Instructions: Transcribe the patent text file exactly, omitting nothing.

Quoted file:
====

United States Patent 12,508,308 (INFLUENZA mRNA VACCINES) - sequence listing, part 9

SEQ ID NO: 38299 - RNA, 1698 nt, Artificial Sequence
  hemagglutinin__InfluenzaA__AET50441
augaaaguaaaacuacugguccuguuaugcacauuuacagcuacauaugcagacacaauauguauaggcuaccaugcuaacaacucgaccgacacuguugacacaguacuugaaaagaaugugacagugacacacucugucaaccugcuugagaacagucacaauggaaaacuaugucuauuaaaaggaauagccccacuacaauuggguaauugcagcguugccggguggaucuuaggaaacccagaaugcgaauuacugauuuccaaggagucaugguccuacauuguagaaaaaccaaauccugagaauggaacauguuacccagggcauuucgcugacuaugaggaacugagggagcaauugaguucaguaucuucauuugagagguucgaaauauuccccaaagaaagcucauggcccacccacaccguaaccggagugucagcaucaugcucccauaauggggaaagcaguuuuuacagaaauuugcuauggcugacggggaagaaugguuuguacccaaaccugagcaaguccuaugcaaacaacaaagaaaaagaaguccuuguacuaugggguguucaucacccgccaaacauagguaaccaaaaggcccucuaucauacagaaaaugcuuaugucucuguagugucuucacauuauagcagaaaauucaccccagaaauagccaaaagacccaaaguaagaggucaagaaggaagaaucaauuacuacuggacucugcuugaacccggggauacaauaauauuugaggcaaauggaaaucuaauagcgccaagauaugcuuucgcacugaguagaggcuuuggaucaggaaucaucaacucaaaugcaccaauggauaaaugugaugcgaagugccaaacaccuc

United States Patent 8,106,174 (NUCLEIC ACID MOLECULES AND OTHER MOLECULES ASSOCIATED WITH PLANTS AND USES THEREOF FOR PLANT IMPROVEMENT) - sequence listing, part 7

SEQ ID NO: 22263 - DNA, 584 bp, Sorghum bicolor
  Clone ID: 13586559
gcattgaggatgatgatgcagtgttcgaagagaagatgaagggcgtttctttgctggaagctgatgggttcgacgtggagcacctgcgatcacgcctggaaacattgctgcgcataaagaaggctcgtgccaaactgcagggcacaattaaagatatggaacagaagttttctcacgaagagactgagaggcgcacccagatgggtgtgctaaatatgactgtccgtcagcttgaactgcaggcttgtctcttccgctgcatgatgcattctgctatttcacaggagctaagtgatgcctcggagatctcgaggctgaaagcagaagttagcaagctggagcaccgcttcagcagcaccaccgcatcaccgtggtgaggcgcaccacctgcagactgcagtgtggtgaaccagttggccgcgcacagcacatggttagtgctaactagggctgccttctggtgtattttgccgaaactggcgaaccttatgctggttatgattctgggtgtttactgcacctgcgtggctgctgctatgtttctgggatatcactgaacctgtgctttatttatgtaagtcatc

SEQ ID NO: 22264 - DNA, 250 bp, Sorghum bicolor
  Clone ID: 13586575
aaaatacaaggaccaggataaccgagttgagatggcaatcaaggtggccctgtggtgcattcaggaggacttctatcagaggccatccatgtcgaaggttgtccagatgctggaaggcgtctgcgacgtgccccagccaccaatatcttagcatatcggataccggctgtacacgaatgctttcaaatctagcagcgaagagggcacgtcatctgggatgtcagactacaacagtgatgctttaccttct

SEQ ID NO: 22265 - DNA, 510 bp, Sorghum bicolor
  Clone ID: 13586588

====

United States Patent 12,508,308 (INFLUENZA mRNA VACCINES) - sequence listing, part 9

SEQ ID NO: 38299 - RNA, 1698 nt, Artificial Sequence
  hemagglutinin__InfluenzaA__AET50441
augaaaguaaaacuacugguccuguuaugcacauuuacagcuacauaugcagacacaauauguauaggcuaccaugcuaacaacucgaccgacacuguugacacaguacuugaaaagaaugugacagugacacacucugucaaccugcuugagaacagucacaauggaaaacuaugucuauuaaaaggaauagccccacuacaauuggguaauugcagcguugccggguggaucuuaggaaacccagaaugcgaauuacugauuuccaaggagucaugguccuacauuguagaaaaaccaaauccugagaauggaacauguuacccagggcauuucgcugacuaugaggaacugagggagcaauugaguucaguaucuucauuugagagguucgaaauauuccccaaagaaagcucauggcccacccacaccguaaccggagugucagcaucaugcucccauaauggggaaagcaguuuuuacagaaauuugcuauggcugacggggaagaaugguuuguacccaaaccugagcaaguccuaugcaaacaacaaagaaaaagaaguccuuguacuaugggguguucaucacccgccaaacauagguaaccaaaaggcccucuaucauacagaaaaugcuuaugucucuguagugucuucacauuauagcagaaaauucaccccagaaauagccaaaagacccaaaguaagaggucaagaaggaagaaucaauuacuacuggacucugcuugaacccggggauacaauaauauuugaggcaaauggaaaucuaauagcgccaagauaugcuuucgcacugaguagaggcuuuggaucaggaaucaucaacucaaaugcaccaauggauaaaugugaugcgaagugccaaacaccuc

United States Patent 8,106,174 (NUCLEIC ACID MOLECULES AND OTHER MOLECULES ASSOCIATED WITH PLANTS AND USES THEREOF FOR PLANT IMPROVEMENT) - sequence listing, part 7

SEQ ID NO: 22263 - DNA, 584 bp, Sorghum bicolor
  Clone ID: 13586559
gcattgaggatgatgatgcagtgttcgaagagaagatgaagggcgtttctttgctggaagctgatgggttcgacgtggagcacctgcgatcacgcctggaaacattgctgcgcataaagaaggctcgtgccaaactgcagggcacaattaaagatatggaacagaagttttctcacgaagagactgagaggcgcacccagatgggtgtgctaaatatgactgtccgtcagcttgaactgcaggcttgtctcttccgctgcatgatgcattctgctatttcacaggagctaagtgatgcctcggagatctcgaggctgaaagcagaagttagcaagctggagcaccgcttcagcagcaccaccgcatcaccgtggtgaggcgcaccacctgcagactgcagtgtggtgaaccagttggccgcgcacagcacatggttagtgctaactagggctgccttctggtgtattttgccgaaactggcgaaccttatgctggttatgattctgggtgtttactgcacctgcgtggctgctgctatgtttctgggatatcactgaacctgtgctttatttatgtaagtcatc

SEQ ID NO: 22264 - DNA, 250 bp, Sorghum bicolor
  Clone ID: 13586575
aaaatacaaggaccaggataaccgagttgagatggcaatcaaggtggccctgtggtgcattcaggaggacttctatcagaggccatccatgtcgaaggttgtccagatgctggaaggcgtctgcgacgtgccccagccaccaatatcttagcatatcggataccggctgtacacgaatgctttcaaatctagcagcgaagagggcacgtcatctgggatgtcagactacaacagtgatgctttaccttct

SEQ ID NO: 22265 - DNA, 510 bp, Sorghum bicolor
  Clone ID: 13586588